How come nobody has written a ponification of Yeats' The Song Of Wandering Aengus? Or even used a title referencing the silver apples of the moon and/or golden apples of the sun? This strikes me as exactly the sort of thing TheJediMasterEd should be posting as hit-you-between-the-eyes historical Pony.
Speaking of poetry:
I've had a thought tickling at the back of my brain ever since promising author's notes for Thou Goddess. I'm considering posting the story again (as a second chapter) with overdubbed annotations — in other words, the literary equivalent of going into the DVD menu and turning on the commentary track. The original story would be there in the background and notes inset in color, perhaps with different colors for poetry analysis and deleted scenes and random trivia.
Here's an even crazier thought — if I did, would anyone who both enjoyed the story and enjoys literary analysis be interested in teaming up with me for the annotated version? Something like: offering guest feedback on where you found the story effective and why, where the story stumbled and why, and what authorial tricks you noticed me using or failing to use. I'm too close to the story to properly do that, and I could see it being useful for readers seeking to improve their own work — the chance to see a reasonably well-regarded story critically dissected. (If you have enough to say, I could even give you your own "audio track" separate from mine.)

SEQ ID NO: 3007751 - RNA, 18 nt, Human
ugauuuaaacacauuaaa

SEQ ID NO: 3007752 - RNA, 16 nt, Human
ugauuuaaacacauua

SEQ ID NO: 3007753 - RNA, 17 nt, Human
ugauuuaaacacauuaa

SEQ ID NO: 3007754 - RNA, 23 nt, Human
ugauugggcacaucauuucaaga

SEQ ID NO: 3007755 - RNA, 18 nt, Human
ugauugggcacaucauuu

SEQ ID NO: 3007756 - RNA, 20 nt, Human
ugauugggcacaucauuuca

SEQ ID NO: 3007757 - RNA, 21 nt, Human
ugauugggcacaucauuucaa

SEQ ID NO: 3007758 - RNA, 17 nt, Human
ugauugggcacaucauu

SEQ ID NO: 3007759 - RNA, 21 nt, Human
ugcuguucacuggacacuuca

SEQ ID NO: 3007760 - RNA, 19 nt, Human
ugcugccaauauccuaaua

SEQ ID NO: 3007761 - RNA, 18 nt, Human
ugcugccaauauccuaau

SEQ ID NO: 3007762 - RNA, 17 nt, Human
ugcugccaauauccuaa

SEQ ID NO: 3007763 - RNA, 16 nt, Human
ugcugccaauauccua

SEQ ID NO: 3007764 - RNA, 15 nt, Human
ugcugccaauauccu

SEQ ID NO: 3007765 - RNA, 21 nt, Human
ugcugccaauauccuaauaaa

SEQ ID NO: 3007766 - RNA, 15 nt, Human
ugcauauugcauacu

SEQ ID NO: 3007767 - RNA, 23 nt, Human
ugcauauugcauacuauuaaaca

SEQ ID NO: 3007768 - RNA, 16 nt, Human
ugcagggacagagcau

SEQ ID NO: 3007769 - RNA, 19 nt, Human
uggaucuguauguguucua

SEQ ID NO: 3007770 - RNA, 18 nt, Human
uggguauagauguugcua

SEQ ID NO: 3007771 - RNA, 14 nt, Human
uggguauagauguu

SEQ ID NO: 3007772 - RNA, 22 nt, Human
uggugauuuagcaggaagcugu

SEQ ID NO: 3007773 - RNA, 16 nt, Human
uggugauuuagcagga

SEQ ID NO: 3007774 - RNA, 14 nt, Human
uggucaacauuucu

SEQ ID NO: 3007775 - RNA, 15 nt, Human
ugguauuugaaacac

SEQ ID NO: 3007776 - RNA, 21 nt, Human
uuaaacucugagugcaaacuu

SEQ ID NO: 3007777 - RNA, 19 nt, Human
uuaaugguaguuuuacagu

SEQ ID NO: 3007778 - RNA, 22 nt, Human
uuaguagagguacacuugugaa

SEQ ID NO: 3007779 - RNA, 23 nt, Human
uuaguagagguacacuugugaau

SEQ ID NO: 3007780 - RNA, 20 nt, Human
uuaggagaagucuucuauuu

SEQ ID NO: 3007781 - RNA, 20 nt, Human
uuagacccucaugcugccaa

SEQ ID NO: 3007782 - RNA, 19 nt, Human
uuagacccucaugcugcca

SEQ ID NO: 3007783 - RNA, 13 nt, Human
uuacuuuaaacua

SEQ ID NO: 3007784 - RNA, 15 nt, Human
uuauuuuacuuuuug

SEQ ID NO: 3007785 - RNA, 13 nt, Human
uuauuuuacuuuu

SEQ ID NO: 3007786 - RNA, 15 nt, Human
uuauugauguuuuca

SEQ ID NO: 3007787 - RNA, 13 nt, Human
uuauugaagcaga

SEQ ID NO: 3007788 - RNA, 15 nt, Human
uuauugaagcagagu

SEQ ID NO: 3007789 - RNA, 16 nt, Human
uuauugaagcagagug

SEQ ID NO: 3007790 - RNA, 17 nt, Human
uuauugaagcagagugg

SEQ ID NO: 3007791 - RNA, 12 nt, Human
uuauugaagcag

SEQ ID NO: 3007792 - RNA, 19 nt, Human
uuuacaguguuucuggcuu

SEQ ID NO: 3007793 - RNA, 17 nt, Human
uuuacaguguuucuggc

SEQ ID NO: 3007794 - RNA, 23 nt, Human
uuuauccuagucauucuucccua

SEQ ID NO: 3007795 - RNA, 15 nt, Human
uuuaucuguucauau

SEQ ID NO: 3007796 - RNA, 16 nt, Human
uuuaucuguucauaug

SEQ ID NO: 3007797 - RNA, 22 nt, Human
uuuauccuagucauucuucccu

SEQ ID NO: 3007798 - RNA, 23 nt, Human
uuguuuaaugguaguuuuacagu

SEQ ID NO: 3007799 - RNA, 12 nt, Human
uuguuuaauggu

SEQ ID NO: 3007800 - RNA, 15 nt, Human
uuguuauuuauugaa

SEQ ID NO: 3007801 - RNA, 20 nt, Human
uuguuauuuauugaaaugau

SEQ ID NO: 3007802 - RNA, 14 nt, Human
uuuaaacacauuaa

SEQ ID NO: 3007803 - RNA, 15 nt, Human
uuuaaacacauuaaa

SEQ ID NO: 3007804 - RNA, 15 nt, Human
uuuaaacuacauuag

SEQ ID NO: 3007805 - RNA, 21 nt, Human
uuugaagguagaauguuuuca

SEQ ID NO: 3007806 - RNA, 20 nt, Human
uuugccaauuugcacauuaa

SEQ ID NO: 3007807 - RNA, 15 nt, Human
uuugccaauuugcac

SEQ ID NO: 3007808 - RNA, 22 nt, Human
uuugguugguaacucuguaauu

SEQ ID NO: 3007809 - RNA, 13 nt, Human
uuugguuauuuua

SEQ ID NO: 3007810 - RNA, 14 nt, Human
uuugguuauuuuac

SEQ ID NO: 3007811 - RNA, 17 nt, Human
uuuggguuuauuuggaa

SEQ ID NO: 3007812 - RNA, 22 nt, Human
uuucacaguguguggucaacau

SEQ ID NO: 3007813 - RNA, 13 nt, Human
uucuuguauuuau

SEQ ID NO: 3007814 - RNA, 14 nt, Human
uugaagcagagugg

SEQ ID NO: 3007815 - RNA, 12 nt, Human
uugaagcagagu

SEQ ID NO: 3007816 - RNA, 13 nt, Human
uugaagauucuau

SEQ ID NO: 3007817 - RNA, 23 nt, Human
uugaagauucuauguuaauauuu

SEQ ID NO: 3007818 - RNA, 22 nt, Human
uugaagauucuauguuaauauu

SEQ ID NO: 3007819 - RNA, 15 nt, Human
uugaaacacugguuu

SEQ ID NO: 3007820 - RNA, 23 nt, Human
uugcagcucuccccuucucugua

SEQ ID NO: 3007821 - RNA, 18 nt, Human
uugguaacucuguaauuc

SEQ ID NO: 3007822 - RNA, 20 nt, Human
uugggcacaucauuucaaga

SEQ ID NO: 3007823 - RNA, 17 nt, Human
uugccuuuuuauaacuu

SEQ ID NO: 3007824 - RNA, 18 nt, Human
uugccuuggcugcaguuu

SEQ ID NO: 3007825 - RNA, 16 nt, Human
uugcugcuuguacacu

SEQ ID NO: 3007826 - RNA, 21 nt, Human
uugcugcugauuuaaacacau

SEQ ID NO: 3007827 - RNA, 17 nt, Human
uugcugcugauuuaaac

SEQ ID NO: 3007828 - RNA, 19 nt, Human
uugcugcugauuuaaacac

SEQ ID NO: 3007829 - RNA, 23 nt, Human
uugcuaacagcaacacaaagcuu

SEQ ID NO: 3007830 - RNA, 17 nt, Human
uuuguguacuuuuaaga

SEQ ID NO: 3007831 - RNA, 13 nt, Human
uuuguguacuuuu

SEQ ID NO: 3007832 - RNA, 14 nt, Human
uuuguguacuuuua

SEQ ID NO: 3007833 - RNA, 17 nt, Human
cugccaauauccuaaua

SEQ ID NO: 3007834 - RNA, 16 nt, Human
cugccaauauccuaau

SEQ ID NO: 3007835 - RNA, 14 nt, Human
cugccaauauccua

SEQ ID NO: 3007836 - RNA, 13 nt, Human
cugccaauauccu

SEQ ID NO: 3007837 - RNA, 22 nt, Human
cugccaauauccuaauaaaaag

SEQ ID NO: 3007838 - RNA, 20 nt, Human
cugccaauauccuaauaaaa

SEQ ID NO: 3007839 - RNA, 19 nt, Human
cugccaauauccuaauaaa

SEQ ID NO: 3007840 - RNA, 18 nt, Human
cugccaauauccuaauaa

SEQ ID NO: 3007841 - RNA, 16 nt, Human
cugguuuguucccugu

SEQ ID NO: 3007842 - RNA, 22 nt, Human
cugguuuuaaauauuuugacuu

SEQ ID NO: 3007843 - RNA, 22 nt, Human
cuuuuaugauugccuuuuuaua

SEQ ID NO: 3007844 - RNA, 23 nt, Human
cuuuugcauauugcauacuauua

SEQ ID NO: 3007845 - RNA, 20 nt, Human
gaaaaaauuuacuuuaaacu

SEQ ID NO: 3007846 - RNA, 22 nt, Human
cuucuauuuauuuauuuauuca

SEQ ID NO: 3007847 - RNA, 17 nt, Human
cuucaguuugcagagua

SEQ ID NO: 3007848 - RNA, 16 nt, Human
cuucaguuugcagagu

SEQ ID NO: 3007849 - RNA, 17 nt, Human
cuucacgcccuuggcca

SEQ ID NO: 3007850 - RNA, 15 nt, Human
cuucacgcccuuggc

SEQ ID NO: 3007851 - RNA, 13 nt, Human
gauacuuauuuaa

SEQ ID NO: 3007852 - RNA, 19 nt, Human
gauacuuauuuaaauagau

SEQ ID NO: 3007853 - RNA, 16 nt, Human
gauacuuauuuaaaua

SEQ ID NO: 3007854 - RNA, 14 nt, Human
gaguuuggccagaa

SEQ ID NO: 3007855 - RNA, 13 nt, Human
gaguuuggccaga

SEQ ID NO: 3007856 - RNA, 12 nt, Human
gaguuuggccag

Speaking of Aengus:
The Waterboys set the poem to music …
… but there's a musical version I like better, which I guarantee you've never heard of. It's off of an obscure 1992 CD by a band called Untitled Red, and given that the closest mention I can find of them on the Internet is Gregory Day's Wikipedia discography (his own website doesn't even mention it), I don't feel any shame in uncurling my tail, pulling an MP3 from my hoard, and breathing some fire back into this frozen memory. Here, y'all, a present from a dragon: no strings attached.
Speaking of music and poetry:
If you liked Thou Goddess, I'm also going to take a moment to recommend the music of Sufjan Stevens. I think you'll fall in love with it for the same reasons. He's a consummate songsmith, with some immediately catchy songs whose rich lyrics invite further research — and then, a few months down the line, there's that moment when you're casually listening to "The Tallest Man, The Broadest Shoulders" and realize that the song is in 11/4 time.
Come On, Feel The Illinoise! is a magnificent starting point — both the album (one of my modern favorites) and the song:
If the lyrics alone don't make you drop your jaw in disbelief, skip forward to about the four-minute mark (past the subtle transition from 5/4 time to 4/4) and listen to "Carl Sandburg Visits Me In A Dream", which still has the capability of moving me to tears, and which ends on a message that challenges us directly as authors.
Modern poetry is not dead. It has merely infiltrated the bastions of the other disciplines, and it's there for the finding.